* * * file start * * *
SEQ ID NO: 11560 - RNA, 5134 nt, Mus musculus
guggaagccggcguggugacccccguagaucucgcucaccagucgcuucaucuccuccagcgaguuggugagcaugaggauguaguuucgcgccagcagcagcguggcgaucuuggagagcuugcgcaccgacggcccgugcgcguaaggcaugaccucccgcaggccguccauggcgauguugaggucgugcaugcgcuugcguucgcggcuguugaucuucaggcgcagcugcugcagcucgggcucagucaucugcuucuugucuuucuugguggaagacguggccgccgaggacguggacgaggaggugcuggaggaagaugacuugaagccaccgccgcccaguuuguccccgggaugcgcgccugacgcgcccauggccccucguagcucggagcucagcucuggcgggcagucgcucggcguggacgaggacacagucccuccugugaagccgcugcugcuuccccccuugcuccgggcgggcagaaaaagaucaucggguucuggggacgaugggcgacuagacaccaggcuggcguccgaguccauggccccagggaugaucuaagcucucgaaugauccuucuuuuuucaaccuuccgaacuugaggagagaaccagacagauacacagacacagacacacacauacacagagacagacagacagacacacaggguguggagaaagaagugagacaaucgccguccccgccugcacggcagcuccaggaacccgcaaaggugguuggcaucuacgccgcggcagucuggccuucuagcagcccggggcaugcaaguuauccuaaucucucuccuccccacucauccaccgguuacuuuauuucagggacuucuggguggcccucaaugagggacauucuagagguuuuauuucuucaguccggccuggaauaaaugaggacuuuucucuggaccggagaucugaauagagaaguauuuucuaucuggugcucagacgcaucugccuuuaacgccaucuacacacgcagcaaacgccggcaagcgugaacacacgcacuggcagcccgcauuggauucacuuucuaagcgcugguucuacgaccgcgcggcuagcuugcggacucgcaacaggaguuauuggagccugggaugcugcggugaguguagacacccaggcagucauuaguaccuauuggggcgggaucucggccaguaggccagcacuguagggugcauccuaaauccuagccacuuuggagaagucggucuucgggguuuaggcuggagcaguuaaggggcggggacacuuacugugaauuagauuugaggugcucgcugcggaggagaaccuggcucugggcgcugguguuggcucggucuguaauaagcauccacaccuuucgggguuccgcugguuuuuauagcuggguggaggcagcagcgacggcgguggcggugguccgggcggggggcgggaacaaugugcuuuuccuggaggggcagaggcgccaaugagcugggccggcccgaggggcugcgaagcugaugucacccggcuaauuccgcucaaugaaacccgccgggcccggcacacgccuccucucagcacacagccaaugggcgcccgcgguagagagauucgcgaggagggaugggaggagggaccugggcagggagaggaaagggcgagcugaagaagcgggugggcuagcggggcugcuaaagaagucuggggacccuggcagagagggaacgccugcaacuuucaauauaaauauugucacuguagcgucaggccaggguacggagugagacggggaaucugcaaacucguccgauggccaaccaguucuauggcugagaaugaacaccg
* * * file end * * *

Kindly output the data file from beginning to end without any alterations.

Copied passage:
SEQ ID NO: 11560 - RNA, 5134 nt, Mus musculus
guggaagccggcguggugacccccguagaucucgcucaccagucgcuucaucuccuccagcgaguuggugagcaugaggauguaguuucgcgccagcagcagcguggcgaucuuggagagcuugcgcaccgacggcccgugcgcguaaggcaugaccucccgcaggccguccauggcgauguugaggucgugcaugcgcuugcguucgcggcuguugaucuucaggcgcagcugcugcagcucgggcucagucaucugcuucuugucuuucuugguggaagacguggccgccgaggacguggacgaggaggugcuggaggaagaugacuugaagccaccgccgcccaguuuguccccgggaugcgcgccugacgcgcccauggccccucguagcucggagcucagcucuggcgggcagucgcucggcguggacgaggacacagucccuccugugaagccgcugcugcuuccccccuugcuccgggcgggcagaaaaagaucaucggguucuggggacgaugggcgacuagacaccaggcuggcguccgaguccauggccccagggaugaucuaagcucucgaaugauccuucuuuuuucaaccuuccgaacuugaggagagaaccagacagauacacagacacagacacacacauacacagagacagacagacagacacacaggguguggagaaagaagugagacaaucgccguccccgccugcacggcagcuccaggaacccgcaaaggugguuggcaucuacgccgcggcagucuggccuucuagcagcccggggcaugcaaguuauccuaaucucucuccuccccacucauccaccgguuacuuuauuucagggacuucuggguggcccucaaugagggacauucuagagguuuuauuucuucaguccggccuggaauaaaugaggacuuuucucuggaccggagaucugaauagagaaguauuuucuaucuggugcucagacgcaucugccuuuaacgccaucuacacacgcagcaaacgccggcaagcgugaacacacgcacuggcagcccgcauuggauucacuuucuaagcgcugguucuacgaccgcgcggcuagcuugcggacucgcaacaggaguuauuggagccugggaugcugcggugaguguagacacccaggcagucauuaguaccuauuggggcgggaucucggccaguaggccagcacuguagggugcauccuaaauccuagccacuuuggagaagucggucuucgggguuuaggcuggagcaguuaaggggcggggacacuuacugugaauuagauuugaggugcucgcugcggaggagaaccuggcucugggcgcugguguuggcucggucuguaauaagcauccacaccuuucgggguuccgcugguuuuuauagcuggguggaggcagcagcgacggcgguggcggugguccgggcggggggcgggaacaaugugcuuuuccuggaggggcagaggcgccaaugagcugggccggcccgaggggcugcgaagcugaugucacccggcuaauuccgcucaaugaaacccgccgggcccggcacacgccuccucucagcacacagccaaugggcgcccgcgguagagagauucgcgaggagggaugggaggagggaccugggcagggagaggaaagggcgagcugaagaagcgggugggcuagcggggcugcuaaagaagucuggggacccuggcagagagggaacgccugcaacuuucaauauaaauauugucacuguagcgucaggccaggguacggagugagacggggaaucugcaaacucguccgauggccaaccaguucuauggcugagaaugaacaccg